A Strange Squadron in a Strange Land

By Cpl Ed Morley
20 June 2007


As if being a multi-regimented squadron wasn’t enough, the very thought of a predominantly English speaking unit being attached to French speaking brigade sends heads spinning with bewilderment. Luckily C squadron, which comprises armoured soldiers from LdSH(RC), 12 RBC, RCD, BCR, BCD, and KOCR, has a small contingent of translators within our midst. Moreover, each soldier makes an effort to bridge the gap by using “merci”, “bonjour”, and so on during meals (not to mention trying to decipher the all French menus). These small efforts from speakers of both our official languages helped to make things go smoothly.


Thanks to these efforts when EX MAPLE GUARDIAN 0701 stepped off it was less of a culture shock than our first meeting in New Mexico. Of course not everything was perfect. This was best illustrated during the “telephone” conversations between the tank commanders and the section commanders of the R22R infantry. Even though both commanders were quite willing to relearn tank and infantry tactics, which were thought to be obsolete years ago, the language barrier certainly added to the frustration and confusion. Nevertheless, with practice, things started running quite well.


As for the camp, I believe I speak for the Squadron when I thank the NSE/ESN for having “KAF”, aka Airfield 21, built well before we arrived in Wainwright. This made the transition almost seamless, plus having access to showers on an almost daily basis was a nice plus. As soon as we were finished setting up our bed spaces, and the camp briefs, and the CMTC briefs, and last minute maintenance issues, we were finally ready to start our CMTC training.


Our training ran the gamut of military activity, ranging from presence patrolling up to level 5 live attacks. Our adventures started slowly with some Troop level training, primarily focused on IEDs and recovery. Then we linked up with the Infantry companies and the fun began! Our Squadron did anything and everything we could possibly be called on for. For all of us it was an eye-opening experience as we were faced with the myriad of possibilities the modern battlefield offers. One of the best examples of these challenges was when 31B wandered a little too close to a minefield. The all-knowing WES simulator system determined that Sgt Scott “Blitzkrieg” Schall and his crew were seriously injured and his driver Tpr Pete Dixon was instantly “killed”. The Troop had to react, providing first aid (TREATMENT APPLIED!) and coming up with a plan to extract the vehicle. Despite the valiant efforts of the crew Tpr Ryan Sebo “died” of his wounds while waiting for us to plow our way to their tank. Yet truly the most awful wound was Cpl Nick “Is there a jump tonight?” Acorn’s blown off leg, simulated dramatically by his hopping around on the other foot. Cpl Ed Morley comforted the poor man by telling him that, “it’ll grow back” and, “having two legs wasn’t challenging enough anyway!” Some time later the helicopter came to extract our wounded and take them back to KAF, a first experience for many Troop members. It was only when we watched the chopper shrink into the distance that Lt Matt “Razorwire” Johns was heard saying, “I don’t think he’s coming back.” That left us a tank with no crew commander, which we promptly towed back to KAF. That six-hour operation taught us many lessons and opened our eyes to the fact that mine strikes could happen anytime and to always be vigilant, valuable training indeed.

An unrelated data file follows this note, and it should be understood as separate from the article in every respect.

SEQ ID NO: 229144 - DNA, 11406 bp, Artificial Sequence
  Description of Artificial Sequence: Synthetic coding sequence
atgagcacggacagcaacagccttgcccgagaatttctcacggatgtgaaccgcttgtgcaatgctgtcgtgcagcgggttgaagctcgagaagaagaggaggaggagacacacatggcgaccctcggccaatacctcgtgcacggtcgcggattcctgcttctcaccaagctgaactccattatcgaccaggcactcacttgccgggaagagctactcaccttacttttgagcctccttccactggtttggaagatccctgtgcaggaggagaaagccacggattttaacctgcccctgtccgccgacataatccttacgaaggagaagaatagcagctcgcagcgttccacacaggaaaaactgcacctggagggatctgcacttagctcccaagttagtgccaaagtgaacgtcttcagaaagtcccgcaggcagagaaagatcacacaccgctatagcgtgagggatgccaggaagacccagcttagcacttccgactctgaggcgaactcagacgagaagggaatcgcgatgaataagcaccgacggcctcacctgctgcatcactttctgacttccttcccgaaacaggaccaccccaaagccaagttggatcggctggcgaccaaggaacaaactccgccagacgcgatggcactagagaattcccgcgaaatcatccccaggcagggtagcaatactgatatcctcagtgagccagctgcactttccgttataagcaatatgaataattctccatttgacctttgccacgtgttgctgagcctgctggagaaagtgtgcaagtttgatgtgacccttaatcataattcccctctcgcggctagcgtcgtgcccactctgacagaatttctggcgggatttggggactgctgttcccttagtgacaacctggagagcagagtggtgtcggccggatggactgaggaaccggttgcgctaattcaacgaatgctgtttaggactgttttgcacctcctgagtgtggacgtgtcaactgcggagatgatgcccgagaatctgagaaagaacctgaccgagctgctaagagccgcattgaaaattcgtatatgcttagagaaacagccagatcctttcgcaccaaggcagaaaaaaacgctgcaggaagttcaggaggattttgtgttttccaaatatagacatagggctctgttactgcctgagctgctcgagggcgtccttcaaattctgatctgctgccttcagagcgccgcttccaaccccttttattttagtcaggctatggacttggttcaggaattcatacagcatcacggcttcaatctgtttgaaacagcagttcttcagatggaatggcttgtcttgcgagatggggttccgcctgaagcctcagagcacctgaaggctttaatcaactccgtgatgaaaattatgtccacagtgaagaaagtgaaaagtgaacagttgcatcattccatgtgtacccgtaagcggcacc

Even though there was not a day that went by without maintenance, there were always issues with the thirty-year-old tanks. Who could forget 31A (or should I say, 31 “Smoke Machine”) smoking out everything from FOB to tank park. In fact, you could see 31A before you heard it, which any tanker will tell you is hard to imagine. In fact, it was rumoured that WO Rob “Chaos” Clarke took great pride in the size of the “Black Column of Death” as days wore on. We were sorry to see it go after the pack was replaced…for the fifth time.


These were simply some of the many interesting moments of the exercise. Other notable events included an out of control Badger backing into 31A, 31 collecting a FOB’s worth of razor wire, the “mud” walls and houses catching fire on the range, and the brigade-sized parade with French drill commands. MWO Geoffrey Bamford had a constantly amused look on his face watching the English speaking members of the squadron trying to copy their french neighbour’s drill, since listening to words of command was useless.


Yet through all the obstacles and barriers we faced, we carried on and learned from our mistakes, forming us into a flexible and prepared squadron, capable of handling any crisis. Next stop…Germany!!